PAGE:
A Year (and a half) Apocalypse

Hard to believe it's been eighteen months since first I was snared by the dastardly demons of heavy metal known as Ara'Kus. Eighteen months and I have had the privilege of watching this group grow more focused, more professional and more awesome than it already was when I first saw it in August of 2011. There have been countless changes to the show since that time: new performers, new equipment, and new scenes. That is all just so much stage-dressing though. The greater change is more profound, and infinitely more important.

                When I first saw Aeterno Elementum I was obviously incredibly impressed, they managed to put on a show that was more powerful and intense than most movies, on what was obviously a very limited budget. The sheer amount of talent on display was more than I expected to find, especially since I'd stumbled onto their show entirely by chance. There were no billboards, newspaper ads, or TV commercials announcing the appearance of such a terrific show. I found out about it because a friend was taking guitar lessons from Randy Haines, who told my friend about the show, who then told me when we were discussing our plans for the weekend. So while their passion for Aeterno Elementum was clear, they also seemed to lack a sense of direction and organization.

                That became even more evident when I volunteered as a stagehand during the November 2011 performance at the Broadway Performance Hall in Seattle. Once again, their passion and drive to make Aeterno Elementum a great show was on full display, and while I was proud to call myself a member of the team, I could see there were troubles in the actual execution of that pursuit. There was no director per se, Jeremiah served as an ad-hoc director and producer, but of course he was also one of the lead performers so he had to be part of the rehearsal too. The new venue also had a terrible case of a disease I like to call "too many goddamn stairs." Forcing the actors to go rushing up and down the stairs during the different scenes, and some of those actors were wearing nearly a hundred pounds of armor and weaponry. Then of course, there was marketing, or the lack thereof. Our marketing efforts this time consisted of shoving a handful of pamphlets into my hand and shoving me into the street to try and cobble up an audience. And the amazing part? The show still turned out to be a great performance. Unfortunately most of the actors had some pretty frayed nerves by the end, and Ara'Kus was nearly bankrupted because no one showed up to watch it because no one knew it existed.

                Cut to a year later and the change I've had the privilege of witnessing is extraordinary. When we began to discuss the possibility of another show, the first thing on the agenda was coordinating a new marketing plan in order to raise awareness about the show. We had a great show, we all knew that, the trouble was in letting people know it was out there waiting to be seen. We hired some professional media gurus, got some wonderful help from our social networking cast members, and put out press releases and freelance news articles in preparation for the show. We also had the privilege of having some very talented stage veterans come in and help organize us. Morgue Anne came in as director, bring her thirteen years of stage experience and giving direction to our sometimes directionless passion. We were also treated to a brand new demoness, Carrole Johnson, who absolutely nailed the performance and gave the whole show a unique flair and style.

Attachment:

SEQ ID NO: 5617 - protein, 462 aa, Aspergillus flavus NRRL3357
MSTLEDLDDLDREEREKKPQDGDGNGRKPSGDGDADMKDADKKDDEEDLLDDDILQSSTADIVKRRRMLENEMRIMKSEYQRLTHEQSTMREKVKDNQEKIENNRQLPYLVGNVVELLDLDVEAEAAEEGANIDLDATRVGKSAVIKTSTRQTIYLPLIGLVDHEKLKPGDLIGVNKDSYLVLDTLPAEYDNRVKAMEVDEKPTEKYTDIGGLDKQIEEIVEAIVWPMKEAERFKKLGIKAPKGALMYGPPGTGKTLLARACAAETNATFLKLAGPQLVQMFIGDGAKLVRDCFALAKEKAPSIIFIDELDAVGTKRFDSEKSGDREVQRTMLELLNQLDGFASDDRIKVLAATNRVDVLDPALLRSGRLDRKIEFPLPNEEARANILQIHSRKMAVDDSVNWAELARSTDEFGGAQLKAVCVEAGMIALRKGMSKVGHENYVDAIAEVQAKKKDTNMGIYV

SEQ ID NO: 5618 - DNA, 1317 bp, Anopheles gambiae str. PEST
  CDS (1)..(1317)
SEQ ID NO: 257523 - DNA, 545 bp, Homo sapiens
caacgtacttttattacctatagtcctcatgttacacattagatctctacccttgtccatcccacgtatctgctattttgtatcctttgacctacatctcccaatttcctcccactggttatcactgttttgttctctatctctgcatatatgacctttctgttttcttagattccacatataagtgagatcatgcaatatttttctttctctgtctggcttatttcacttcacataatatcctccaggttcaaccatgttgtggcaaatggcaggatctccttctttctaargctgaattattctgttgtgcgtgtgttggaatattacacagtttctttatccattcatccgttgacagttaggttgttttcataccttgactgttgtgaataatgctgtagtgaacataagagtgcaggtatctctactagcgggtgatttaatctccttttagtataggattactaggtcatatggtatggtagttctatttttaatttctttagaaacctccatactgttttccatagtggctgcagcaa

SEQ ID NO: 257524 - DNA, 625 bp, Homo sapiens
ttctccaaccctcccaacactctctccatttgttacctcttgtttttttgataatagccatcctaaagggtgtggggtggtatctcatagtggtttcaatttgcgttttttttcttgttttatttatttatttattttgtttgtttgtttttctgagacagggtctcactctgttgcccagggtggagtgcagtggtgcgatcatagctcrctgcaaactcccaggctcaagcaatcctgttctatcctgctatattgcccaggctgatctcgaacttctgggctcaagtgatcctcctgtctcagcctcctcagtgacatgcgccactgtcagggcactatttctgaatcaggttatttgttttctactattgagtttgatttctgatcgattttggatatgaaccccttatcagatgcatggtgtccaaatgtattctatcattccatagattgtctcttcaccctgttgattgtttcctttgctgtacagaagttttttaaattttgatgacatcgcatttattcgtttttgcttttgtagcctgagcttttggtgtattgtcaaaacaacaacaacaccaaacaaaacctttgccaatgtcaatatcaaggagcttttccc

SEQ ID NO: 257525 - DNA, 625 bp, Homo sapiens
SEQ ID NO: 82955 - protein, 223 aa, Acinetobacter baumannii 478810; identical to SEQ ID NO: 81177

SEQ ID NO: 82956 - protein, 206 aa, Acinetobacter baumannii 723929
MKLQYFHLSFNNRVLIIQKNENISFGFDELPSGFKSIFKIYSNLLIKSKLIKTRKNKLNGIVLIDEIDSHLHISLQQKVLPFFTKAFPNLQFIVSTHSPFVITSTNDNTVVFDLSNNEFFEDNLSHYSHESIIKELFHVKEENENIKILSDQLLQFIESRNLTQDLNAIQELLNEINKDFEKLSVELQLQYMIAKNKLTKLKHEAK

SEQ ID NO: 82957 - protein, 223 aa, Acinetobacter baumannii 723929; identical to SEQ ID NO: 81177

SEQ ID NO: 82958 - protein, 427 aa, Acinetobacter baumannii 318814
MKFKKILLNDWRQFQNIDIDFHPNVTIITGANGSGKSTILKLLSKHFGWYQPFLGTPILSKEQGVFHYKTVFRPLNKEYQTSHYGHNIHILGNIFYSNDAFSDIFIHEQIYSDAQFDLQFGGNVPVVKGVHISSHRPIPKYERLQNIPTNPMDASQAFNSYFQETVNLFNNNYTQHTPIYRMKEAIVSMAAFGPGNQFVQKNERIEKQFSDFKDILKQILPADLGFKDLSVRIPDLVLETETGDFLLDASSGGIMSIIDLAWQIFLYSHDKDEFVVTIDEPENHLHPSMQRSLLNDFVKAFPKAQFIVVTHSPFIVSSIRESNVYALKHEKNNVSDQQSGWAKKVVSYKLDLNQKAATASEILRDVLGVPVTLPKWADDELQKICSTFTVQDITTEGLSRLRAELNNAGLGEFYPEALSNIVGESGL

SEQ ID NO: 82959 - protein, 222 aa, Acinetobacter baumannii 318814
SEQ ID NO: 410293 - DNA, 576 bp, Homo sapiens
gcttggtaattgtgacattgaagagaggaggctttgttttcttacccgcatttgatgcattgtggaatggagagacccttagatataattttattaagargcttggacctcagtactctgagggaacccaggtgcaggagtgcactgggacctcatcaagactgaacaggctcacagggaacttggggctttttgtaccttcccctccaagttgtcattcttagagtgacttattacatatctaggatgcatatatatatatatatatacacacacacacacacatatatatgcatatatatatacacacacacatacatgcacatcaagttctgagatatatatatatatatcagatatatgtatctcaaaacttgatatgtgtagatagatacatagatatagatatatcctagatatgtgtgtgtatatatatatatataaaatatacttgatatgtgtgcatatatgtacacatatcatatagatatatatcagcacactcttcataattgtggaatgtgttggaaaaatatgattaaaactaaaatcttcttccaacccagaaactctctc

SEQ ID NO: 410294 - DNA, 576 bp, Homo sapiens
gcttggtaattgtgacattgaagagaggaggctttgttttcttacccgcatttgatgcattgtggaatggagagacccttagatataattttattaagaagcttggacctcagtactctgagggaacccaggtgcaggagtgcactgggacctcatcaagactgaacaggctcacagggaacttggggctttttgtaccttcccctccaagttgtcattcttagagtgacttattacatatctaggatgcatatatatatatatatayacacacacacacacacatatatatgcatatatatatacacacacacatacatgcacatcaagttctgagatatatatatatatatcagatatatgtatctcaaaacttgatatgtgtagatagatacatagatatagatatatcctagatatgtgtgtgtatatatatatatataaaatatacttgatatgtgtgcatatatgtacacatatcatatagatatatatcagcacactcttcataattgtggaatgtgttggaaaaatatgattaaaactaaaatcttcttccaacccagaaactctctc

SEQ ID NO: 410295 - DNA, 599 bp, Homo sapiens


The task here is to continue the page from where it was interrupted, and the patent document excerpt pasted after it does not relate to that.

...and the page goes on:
It was these major changes, along with a thousand tiny changes, that made November 2012's performance of Aeterno Elementum the greatest we've ever put on. Due to time constraints I wasn't able to reprise my roll as a stagehand this time, but I did stop by to wish everyone luck and enjoy the show during Friday night's show. That was when I really saw it. On the surface, nothing was really different, and yet everything had changed. I walked in and saw a completely different side of Ara'Kus Productions. Gone was the frenetic chaos that I'd seen a year prior in Seattle, and the air of nervous exhaustion among the actors was replaced by a calm anticipation and excitement. And the theater? Well the theater was so packed I could barely find myself a seat!

                I've had the great privilege of working with this group on many different projects, from writing press releases and blog posts to working on the script for our new production, and I've seen and heard some amazing things. Yet they all pale in comparison to that great moment when I walked into that green room and saw a renewed sense of joy and passion for Aeterno Elementum. Ara'Kus Productions has a new sense of direction and purpose, and if the packed theater and applause are anything to go by, 2013 might well be our greatest year yet. So thank you Ara'Kus, for letting me be part of such an amazing journey and here's hoping for many more years of great performances! And thank you dear Ara'Kus fans for making all of this possible, and for supporting the one and only heavy metal opera!